For university marketers up and down the UK, January is a critical month, indicating what’s in store for the rest of the year. With the 2022 deadline been and gone, we have picked apart the data around student activity to share their key takeaways from this early point in the cycle on how the landscape has changed over the last 12 months. This insight is then used to make strategic marketing recommendations about the rest of the recruitment cycle and the Clearing period, helping you make smarter decisions.

NB: This is a comparative analysis of the January 2022 application deadline versus the January 2021 deadline unless otherwise stated (and does not take into account any figures from October or June deadlines or Clearing).

 

Where’s the growth this year? 

The overall number of applicants is down but the number of 18-year-old applicants has increased by 4%. Growth has largely come from applicants in England, which account for over three-quarters of applicants. As well as non-EU international applicants. 

All other UK countries have seen a small decrease and the EU had another large decrease, with the number of EU applicants more than halved since 2020. 

Internationally, China is very buoyant with large numbers heading to the UK for higher education, increasing from 2021. Followed by India and other countries such as Malaysia, Hong Kong, USA, Singapore, Nigeria, Canada and Saudi Arabia. The figures show a sustained return to international travel for study, with China and India continuing to offer strongholds and the other countries also offering opportunities that are worth focusing your attention on.

 

How are students making decisions? 

We’re seeing a higher percentage of applicants making use of their full five application choices. The number of students making all five applications saw a 6% increase year-on-year, making them the significant majority (81%) of all applicants.

This means that universities need to really work to retain applicants and convert them to firm acceptances and enrolments. Students are seemingly less connected to their top-choice institutions, with Plans B, C, D and E to fall back on later down the line. We also know from the latest NCS report that, should students find themselves in Clearing during the summer, one in two of them won’t enrol at the first university they contact; they shop around. This approach of keeping options open is reflected in this growing trend of using all five application choices.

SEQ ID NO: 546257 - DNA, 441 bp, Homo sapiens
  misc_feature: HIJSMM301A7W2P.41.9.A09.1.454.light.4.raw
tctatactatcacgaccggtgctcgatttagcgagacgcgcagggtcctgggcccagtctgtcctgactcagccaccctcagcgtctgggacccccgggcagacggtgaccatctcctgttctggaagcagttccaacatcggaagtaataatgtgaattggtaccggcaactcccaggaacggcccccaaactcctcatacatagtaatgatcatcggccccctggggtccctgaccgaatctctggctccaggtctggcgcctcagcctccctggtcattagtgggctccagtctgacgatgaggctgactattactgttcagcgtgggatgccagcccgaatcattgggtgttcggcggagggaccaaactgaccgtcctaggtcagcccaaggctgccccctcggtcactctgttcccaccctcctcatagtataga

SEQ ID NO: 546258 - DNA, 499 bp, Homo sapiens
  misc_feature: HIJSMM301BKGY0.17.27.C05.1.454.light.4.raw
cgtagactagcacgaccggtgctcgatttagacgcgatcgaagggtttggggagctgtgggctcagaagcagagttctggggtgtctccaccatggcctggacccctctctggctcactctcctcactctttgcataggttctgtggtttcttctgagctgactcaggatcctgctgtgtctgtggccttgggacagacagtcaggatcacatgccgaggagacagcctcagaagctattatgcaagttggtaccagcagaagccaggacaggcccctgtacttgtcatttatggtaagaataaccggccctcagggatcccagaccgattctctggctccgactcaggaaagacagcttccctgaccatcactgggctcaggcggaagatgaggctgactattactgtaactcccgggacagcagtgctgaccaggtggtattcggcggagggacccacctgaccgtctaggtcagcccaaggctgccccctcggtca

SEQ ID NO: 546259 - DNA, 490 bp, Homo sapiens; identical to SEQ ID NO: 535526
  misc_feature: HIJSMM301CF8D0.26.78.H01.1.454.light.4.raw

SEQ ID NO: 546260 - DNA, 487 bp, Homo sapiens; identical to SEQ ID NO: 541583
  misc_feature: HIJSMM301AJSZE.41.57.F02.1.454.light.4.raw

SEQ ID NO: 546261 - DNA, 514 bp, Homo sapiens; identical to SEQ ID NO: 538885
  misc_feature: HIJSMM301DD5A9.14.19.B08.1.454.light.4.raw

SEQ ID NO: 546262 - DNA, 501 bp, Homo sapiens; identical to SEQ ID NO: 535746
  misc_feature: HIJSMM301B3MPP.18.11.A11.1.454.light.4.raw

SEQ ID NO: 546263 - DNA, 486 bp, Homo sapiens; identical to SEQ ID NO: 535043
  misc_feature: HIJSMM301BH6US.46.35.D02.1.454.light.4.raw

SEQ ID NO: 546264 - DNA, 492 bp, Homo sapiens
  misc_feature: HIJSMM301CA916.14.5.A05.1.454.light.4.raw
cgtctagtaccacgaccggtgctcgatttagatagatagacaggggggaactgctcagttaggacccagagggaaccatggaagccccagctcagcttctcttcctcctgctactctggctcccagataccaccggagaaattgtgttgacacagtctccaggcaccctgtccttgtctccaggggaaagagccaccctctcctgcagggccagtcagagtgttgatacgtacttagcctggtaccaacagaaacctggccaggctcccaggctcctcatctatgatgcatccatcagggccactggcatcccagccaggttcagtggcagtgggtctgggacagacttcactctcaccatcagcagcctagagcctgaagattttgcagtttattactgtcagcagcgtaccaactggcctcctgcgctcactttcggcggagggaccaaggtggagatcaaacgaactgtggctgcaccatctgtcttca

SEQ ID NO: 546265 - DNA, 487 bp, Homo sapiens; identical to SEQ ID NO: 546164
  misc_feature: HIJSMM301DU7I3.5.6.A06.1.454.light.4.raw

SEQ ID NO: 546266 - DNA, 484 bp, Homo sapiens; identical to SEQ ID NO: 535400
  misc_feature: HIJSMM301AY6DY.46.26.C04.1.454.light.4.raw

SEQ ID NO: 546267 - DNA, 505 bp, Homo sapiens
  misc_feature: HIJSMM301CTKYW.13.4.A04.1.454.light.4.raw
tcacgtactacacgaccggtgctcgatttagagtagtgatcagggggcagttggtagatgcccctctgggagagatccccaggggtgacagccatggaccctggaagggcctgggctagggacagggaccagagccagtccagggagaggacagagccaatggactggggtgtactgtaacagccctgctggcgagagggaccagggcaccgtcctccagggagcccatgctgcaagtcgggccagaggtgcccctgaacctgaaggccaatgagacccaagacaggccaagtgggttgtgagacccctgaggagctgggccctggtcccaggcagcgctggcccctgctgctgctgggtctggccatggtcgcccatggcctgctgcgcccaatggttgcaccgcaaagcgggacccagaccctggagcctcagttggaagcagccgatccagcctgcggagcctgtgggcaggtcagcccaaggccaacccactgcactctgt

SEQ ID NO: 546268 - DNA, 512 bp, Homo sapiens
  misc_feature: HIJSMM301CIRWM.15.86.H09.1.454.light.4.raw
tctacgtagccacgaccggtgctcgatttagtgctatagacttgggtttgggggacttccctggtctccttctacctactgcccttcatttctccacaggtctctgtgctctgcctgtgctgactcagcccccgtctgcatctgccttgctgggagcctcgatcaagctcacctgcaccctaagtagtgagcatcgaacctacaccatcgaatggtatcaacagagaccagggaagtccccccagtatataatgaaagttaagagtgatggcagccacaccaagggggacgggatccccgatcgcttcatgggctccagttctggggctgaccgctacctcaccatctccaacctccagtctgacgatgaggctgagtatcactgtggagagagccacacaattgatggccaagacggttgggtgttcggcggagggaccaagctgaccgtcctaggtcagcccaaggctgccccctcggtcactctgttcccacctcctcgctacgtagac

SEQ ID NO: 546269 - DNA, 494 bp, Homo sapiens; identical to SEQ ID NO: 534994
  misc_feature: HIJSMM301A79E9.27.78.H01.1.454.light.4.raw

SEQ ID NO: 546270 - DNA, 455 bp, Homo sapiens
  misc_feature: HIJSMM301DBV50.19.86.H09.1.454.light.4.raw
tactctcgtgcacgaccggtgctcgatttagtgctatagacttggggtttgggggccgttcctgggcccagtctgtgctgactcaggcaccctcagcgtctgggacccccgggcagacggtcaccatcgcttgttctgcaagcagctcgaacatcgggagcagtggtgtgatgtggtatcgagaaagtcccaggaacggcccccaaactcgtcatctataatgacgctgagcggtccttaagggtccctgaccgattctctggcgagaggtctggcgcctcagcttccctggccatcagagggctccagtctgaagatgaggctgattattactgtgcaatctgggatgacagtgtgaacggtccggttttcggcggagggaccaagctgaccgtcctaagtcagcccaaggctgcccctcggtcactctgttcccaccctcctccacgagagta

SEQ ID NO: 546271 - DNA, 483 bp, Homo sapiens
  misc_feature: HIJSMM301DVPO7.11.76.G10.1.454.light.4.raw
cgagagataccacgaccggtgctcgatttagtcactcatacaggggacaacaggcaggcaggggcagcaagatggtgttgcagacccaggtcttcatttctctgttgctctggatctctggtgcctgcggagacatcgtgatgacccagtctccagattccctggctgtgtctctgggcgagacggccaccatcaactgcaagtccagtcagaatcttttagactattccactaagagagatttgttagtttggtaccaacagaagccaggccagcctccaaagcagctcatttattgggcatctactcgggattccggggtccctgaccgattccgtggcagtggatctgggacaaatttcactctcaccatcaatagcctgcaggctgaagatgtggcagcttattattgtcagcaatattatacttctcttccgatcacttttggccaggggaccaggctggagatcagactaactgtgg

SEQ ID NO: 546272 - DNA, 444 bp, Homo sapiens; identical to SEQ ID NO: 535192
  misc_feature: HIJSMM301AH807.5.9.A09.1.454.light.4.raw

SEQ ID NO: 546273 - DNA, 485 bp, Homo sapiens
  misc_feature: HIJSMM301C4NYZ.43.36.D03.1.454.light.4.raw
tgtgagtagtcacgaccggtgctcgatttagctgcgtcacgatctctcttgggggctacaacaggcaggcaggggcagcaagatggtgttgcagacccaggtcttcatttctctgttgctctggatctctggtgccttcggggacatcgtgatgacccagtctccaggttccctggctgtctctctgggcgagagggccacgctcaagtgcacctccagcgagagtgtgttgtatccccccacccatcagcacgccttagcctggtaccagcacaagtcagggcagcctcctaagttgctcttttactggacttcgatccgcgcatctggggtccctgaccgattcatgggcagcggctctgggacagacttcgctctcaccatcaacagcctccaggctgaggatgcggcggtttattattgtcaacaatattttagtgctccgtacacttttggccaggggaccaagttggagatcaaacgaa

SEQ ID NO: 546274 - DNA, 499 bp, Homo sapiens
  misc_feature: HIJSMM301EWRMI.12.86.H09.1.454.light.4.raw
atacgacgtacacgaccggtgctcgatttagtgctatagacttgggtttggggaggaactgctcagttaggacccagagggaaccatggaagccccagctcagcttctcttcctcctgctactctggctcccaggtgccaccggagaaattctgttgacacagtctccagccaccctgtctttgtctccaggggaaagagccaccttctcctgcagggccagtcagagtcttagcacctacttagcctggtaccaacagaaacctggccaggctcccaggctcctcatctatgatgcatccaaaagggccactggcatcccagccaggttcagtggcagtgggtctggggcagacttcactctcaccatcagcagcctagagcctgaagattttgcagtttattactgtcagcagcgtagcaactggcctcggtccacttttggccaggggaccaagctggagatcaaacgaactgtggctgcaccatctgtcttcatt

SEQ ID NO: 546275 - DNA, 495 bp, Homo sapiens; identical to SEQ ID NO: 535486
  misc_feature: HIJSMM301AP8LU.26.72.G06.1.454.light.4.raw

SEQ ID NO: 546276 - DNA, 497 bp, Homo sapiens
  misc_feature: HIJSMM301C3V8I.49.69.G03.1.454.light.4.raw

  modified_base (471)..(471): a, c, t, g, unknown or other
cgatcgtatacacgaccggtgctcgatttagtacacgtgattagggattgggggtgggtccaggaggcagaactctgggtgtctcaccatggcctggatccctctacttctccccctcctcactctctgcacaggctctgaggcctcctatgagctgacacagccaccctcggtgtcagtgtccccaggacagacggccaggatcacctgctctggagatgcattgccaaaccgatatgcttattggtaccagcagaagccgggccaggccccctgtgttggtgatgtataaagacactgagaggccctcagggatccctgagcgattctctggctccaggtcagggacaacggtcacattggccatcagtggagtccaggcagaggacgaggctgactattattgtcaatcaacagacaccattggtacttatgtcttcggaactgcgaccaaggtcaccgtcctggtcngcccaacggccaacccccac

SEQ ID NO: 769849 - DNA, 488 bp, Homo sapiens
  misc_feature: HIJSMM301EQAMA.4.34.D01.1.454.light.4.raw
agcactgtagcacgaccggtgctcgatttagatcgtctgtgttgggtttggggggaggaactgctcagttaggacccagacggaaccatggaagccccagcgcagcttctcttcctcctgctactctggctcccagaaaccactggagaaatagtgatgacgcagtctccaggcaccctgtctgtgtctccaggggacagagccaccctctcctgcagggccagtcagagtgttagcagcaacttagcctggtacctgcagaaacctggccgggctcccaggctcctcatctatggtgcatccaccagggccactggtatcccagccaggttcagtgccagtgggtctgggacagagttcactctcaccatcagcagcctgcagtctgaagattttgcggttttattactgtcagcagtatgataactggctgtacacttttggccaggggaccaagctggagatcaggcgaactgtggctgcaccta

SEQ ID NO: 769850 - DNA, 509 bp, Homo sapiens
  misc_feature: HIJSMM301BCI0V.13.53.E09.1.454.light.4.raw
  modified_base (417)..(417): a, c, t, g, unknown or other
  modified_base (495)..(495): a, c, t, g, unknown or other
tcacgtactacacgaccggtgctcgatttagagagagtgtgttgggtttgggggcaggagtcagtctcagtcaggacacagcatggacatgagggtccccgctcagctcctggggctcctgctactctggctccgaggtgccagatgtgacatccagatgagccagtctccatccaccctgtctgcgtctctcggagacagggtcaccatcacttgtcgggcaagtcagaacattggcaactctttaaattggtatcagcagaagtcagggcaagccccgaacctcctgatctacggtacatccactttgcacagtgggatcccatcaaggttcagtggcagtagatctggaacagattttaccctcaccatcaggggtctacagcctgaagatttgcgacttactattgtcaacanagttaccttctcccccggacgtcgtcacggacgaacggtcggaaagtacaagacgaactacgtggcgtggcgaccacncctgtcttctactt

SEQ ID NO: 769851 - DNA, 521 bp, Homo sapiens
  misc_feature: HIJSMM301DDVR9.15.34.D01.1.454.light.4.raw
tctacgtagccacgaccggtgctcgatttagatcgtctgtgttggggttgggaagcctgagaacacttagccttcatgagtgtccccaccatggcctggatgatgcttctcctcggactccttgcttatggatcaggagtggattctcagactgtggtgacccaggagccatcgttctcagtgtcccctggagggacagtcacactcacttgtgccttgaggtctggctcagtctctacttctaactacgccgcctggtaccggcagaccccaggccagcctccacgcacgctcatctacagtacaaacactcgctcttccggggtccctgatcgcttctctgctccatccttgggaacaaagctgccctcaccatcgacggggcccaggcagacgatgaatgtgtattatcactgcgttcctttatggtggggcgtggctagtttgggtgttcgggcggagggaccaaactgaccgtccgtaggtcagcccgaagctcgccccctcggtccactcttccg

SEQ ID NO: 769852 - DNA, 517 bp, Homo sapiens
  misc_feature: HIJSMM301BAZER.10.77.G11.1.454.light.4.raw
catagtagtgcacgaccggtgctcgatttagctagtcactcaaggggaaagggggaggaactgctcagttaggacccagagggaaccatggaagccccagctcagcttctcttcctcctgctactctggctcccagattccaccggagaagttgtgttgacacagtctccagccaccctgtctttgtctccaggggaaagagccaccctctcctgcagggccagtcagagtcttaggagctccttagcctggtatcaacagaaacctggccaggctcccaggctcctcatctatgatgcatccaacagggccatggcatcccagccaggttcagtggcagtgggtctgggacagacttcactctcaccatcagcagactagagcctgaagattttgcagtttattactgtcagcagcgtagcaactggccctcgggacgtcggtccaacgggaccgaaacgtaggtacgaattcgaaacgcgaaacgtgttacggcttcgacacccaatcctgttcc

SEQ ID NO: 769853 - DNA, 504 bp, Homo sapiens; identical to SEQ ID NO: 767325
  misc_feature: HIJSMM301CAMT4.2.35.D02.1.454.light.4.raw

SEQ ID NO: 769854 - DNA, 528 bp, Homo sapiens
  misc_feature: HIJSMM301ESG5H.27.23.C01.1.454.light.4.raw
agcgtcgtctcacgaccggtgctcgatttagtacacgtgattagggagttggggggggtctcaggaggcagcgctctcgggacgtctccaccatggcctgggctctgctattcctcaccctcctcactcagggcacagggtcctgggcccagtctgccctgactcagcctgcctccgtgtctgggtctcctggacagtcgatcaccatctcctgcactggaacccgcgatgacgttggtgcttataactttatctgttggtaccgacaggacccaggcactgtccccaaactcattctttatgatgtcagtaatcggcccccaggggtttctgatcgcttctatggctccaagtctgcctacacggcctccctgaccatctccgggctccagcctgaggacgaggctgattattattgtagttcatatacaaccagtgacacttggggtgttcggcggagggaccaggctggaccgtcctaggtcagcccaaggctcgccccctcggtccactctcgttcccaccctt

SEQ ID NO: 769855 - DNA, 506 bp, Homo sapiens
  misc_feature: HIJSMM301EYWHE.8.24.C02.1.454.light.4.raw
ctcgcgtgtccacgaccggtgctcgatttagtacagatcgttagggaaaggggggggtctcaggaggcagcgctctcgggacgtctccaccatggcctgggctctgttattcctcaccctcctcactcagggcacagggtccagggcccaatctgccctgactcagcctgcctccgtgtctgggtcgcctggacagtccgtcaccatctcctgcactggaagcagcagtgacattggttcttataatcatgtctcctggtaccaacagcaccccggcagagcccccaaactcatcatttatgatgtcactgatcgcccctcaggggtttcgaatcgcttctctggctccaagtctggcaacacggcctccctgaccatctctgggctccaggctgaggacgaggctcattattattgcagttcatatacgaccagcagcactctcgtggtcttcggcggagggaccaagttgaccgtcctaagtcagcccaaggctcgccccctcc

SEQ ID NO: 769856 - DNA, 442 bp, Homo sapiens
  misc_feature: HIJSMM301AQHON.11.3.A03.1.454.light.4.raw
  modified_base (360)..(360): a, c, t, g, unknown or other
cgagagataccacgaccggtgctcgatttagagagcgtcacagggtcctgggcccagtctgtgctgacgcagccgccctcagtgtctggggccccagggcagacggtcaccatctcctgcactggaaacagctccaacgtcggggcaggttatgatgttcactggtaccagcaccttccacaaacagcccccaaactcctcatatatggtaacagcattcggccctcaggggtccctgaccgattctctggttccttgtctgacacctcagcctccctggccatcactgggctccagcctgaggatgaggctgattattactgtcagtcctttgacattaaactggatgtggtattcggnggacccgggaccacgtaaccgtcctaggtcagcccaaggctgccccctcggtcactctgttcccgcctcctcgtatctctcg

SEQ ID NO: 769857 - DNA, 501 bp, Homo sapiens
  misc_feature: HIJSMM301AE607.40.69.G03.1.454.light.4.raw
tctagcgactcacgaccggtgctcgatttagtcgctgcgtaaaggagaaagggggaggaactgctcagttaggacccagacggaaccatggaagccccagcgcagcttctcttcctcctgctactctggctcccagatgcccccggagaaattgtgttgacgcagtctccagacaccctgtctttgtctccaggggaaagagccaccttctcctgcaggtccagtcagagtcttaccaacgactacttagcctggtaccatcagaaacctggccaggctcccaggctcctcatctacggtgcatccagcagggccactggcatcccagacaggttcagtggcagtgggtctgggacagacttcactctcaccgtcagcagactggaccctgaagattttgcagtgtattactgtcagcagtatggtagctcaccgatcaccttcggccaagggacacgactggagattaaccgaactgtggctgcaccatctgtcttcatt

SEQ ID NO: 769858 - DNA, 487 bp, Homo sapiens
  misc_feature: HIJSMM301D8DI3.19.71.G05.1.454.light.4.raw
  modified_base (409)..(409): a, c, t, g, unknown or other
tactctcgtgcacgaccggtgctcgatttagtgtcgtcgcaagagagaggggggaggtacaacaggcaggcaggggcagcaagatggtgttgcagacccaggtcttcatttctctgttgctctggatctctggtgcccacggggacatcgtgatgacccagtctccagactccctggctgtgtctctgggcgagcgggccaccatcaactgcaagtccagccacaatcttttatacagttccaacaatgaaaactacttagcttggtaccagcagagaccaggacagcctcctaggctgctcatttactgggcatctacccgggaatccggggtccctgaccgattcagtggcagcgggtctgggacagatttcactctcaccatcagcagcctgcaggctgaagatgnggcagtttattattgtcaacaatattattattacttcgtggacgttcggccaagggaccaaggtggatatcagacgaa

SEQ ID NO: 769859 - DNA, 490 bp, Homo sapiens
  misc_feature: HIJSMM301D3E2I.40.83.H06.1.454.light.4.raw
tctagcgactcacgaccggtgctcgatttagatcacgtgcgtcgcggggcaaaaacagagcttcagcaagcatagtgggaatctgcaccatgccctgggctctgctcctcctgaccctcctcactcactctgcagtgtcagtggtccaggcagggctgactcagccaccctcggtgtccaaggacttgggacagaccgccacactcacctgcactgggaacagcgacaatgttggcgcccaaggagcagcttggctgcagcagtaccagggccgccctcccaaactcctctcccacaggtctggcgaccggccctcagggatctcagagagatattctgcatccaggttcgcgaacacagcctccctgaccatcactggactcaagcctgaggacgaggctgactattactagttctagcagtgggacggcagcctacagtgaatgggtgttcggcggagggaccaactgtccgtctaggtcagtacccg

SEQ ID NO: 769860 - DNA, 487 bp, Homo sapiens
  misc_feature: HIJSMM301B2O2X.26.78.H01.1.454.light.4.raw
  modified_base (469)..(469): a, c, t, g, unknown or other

So what does this mean for you? Building brand engagement early with students is an absolute must, with your target segments, but do not forget about the students that have already applied. Drive connection with personalised comms and nurture workflows to ensure you hold onto those students and be their first choice if and when it comes to Clearing (check out how LSBU kept their students engaged with a strong email nurture strategy). Starting early is critical, but feeding well-timed and relevant content through automated streams, right through to September, has also never been so important. It’s all to play for in today’s world, make sure you’re doing everything you can before Results Day rolls around.  

 

Zooming into subject-specific trends

Looking to the different applications made, we can see which subject areas are buoyant. Business and Creative Arts look positive, as do Computing, Engineering, Medicine & Dentistry and Psychology.

Interestingly, Creative Arts saw a dip following loss of funding, and potentially an after effect of the (questionable) government campaigns to make people think about other careers in 2020. However, Creative Arts & Design enjoyed a 5% increase this year, picking up for the second year in a row. So, it’s clear that the creative arts are still popular and important to students. How can universities promote these courses effectively to ensure they continue to bounce back?

Subjects allied to Medicine have seemingly returned to ‘normal’ demand, seeing a 2% decrease this year, after a big spike in 2021 during the pandemic. This downward trend can be attributed to the decrease in mature applicants, as this cluster of subjects actually saw an increase amongst 18-year-olds. 

So, on that note… Using student insights from the likes of Akero Datalabs will allow you to break down data by course groupings, helping you to better understand decision making processes and behaviours of prospective and current students looking to study certain courses. This insight can then enable you to better target and build messaging to recruit onto specific courses. Want to find out more, try it for yourself

 

So, what about mature students? 

As mentioned in regard to subjects allied to Medicine, there were reductions in numbers of January deadline applicants from all mature age groups. 

  • 21-24 years old: -11.5% applicants
  • 25-29 years old: -19.3% applicants
  • 30-34 years old: -14.6% applicants
  • 35 and over years old: -14.8% in applicants

The Guardian has postulated that this relates to confidence in the job market post-Covid. Fewer concerns about being able to get a job lead to a reduction in university applicants.

But does this mean fewer mature applicants in the system? Or a return to later applications from mature students? We can’t tell at this stage, we would need the full end-of-cycle data for 2022 to understand fully. But this early insight could identify a threat for universities reliant on mature audiences, and/or subjects allied to Medicine, which will require consideration and attention early on in your marketing strategy planning. 

There are two options: what can you do to generate more applications from mature students? Or can you redirect the focus, and promote these subjects to 18-year-olds? However you decide to pivot your strategy to address these insights, our experts are here to help. Get in touch with us today. 

Article by

Nick Willmer

Head of Marketing